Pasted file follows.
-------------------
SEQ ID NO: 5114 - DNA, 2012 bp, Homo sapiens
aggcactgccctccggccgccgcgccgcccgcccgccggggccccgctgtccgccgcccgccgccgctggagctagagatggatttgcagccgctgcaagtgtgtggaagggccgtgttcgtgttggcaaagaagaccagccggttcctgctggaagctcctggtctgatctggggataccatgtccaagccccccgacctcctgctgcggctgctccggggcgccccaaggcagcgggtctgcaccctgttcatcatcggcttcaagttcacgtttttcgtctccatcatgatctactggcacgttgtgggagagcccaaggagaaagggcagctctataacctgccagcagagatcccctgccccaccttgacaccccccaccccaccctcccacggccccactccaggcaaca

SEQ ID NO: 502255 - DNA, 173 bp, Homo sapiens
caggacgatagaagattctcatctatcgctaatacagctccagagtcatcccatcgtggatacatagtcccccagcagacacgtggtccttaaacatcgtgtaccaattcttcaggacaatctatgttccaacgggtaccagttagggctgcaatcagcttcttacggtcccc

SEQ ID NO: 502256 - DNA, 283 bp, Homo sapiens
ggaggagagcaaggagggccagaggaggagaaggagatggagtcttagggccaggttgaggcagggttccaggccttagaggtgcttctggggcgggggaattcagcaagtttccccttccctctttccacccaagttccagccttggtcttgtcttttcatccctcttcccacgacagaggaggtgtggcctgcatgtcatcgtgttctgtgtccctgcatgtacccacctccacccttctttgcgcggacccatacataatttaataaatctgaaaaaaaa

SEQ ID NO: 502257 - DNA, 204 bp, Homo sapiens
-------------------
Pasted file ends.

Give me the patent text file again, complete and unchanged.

SEQ ID NO: 5114 - DNA, 2012 bp, Homo sapiens
aggcactgccctccggccgccgcgccgcccgcccgccggggccccgctgtccgccgcccgccgccgctggagctagagatggatttgcagccgctgcaagtgtgtggaagggccgtgttcgtgttggcaaagaagaccagccggttcctgctggaagctcctggtctgatctggggataccatgtccaagccccccgacctcctgctgcggctgctccggggcgccccaaggcagcgggtctgcaccctgttcatcatcggcttcaagttcacgtttttcgtctccatcatgatctactggcacgttgtgggagagcccaaggagaaagggcagctctataacctgccagcagagatcccctgccccaccttgacaccccccaccccaccctcccacggccccactccaggcaaca

SEQ ID NO: 502255 - DNA, 173 bp, Homo sapiens
caggacgatagaagattctcatctatcgctaatacagctccagagtcatcccatcgtggatacatagtcccccagcagacacgtggtccttaaacatcgtgtaccaattcttcaggacaatctatgttccaacgggtaccagttagggctgcaatcagcttcttacggtcccc

SEQ ID NO: 502256 - DNA, 283 bp, Homo sapiens
ggaggagagcaaggagggccagaggaggagaaggagatggagtcttagggccaggttgaggcagggttccaggccttagaggtgcttctggggcgggggaattcagcaagtttccccttccctctttccacccaagttccagccttggtcttgtcttttcatccctcttcccacgacagaggaggtgtggcctgcatgtcatcgtgttctgtgtccctgcatgtacccacctccacccttctttgcgcggacccatacataatttaataaatctgaaaaaaaa

SEQ ID NO: 502257 - DNA, 204 bp, Homo sapiens